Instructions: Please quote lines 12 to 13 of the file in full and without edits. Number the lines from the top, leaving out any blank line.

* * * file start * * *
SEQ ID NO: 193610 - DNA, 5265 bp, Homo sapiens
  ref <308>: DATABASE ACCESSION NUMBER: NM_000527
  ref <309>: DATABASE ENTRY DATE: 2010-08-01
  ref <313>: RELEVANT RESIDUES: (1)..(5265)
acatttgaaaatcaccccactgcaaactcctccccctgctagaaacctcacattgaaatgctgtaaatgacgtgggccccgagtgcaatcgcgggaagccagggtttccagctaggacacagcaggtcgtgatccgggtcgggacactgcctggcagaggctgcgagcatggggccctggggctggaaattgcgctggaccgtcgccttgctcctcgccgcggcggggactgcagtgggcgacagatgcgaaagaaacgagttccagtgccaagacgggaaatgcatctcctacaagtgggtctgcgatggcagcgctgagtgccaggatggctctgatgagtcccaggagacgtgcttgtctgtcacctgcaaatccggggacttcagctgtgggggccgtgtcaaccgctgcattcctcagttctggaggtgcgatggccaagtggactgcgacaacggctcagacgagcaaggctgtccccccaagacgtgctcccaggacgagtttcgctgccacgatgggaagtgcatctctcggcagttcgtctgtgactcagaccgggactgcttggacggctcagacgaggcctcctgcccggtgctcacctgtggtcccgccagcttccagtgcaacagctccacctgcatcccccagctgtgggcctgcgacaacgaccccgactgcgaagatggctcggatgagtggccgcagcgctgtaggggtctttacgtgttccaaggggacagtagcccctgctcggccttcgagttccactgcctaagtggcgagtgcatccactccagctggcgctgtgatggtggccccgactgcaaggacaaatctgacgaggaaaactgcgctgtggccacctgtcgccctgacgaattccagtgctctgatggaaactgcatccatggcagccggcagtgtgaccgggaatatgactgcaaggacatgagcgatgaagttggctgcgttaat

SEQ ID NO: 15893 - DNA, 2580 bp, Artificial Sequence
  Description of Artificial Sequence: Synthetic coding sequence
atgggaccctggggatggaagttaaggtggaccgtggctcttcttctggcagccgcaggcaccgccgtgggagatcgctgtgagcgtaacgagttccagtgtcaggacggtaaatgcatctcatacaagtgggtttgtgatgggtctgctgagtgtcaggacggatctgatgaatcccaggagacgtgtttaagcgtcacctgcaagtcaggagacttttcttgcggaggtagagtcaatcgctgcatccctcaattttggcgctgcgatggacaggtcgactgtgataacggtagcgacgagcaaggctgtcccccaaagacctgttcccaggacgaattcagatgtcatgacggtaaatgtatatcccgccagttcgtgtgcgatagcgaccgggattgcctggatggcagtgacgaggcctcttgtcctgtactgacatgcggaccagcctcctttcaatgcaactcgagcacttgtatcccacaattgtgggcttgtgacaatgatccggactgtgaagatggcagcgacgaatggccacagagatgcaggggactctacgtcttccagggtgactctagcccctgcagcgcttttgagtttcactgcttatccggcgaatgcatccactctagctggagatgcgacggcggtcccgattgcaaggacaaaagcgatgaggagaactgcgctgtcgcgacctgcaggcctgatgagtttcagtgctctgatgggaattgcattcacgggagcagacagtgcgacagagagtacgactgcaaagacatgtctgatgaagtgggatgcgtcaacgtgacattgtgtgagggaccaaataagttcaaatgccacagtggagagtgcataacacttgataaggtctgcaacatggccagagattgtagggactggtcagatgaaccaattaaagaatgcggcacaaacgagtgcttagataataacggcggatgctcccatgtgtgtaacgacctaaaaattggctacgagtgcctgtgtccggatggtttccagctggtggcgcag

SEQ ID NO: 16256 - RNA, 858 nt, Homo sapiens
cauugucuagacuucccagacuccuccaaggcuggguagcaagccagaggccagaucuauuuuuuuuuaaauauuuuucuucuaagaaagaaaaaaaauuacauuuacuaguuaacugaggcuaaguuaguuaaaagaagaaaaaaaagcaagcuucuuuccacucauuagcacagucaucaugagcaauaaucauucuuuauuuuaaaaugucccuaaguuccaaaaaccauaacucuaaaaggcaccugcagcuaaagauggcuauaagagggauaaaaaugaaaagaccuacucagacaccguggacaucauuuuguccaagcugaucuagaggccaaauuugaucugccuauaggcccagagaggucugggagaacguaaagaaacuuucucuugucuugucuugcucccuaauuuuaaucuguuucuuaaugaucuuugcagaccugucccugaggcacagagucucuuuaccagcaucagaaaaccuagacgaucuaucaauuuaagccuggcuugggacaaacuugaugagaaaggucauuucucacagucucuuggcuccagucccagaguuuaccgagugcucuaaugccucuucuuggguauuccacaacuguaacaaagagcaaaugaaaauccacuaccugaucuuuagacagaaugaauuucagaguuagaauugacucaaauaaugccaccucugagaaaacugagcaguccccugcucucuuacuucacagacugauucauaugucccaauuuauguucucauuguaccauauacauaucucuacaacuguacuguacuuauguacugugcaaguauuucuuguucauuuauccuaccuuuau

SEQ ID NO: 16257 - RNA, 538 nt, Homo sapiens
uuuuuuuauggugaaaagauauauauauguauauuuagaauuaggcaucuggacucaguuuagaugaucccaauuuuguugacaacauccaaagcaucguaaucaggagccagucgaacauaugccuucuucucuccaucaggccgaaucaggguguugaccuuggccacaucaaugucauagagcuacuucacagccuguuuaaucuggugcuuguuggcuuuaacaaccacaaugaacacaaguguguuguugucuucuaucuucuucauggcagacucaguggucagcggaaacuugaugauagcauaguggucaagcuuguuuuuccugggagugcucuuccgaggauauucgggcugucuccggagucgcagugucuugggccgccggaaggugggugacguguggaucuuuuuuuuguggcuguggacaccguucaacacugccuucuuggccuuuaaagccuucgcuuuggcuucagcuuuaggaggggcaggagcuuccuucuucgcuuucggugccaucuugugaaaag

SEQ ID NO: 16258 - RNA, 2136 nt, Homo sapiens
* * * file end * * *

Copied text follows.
uuuuuuuauggugaaaagauauauauauguauauuuagaauuaggcaucuggacucaguuuagaugaucccaauuuuguugacaacauccaaagcaucguaaucaggagccagucgaacauaugccuucuucucuccaucaggccgaaucaggguguugaccuuggccacaucaaugucauagagcuacuucacagccuguuuaaucuggugcuuguuggcuuuaacaaccacaaugaacacaaguguguuguugucuucuaucuucuucauggcagacucaguggucagcggaaacuugaugauagcauaguggucaagcuuguuuuuccugggagugcucuuccgaggauauucgggcugucuccggagucgcagugucuugggccgccggaaggugggugacguguggaucuuuuuuuuguggcuguggacaccguucaacacugccuucuuggccuuuaaagccuucgcuuuggcuucagcuuuaggaggggcaggagcuuccuucuucgcuuucggugccaucuugugaaaag

SEQ ID NO: 16258 - RNA, 2136 nt, Homo sapiens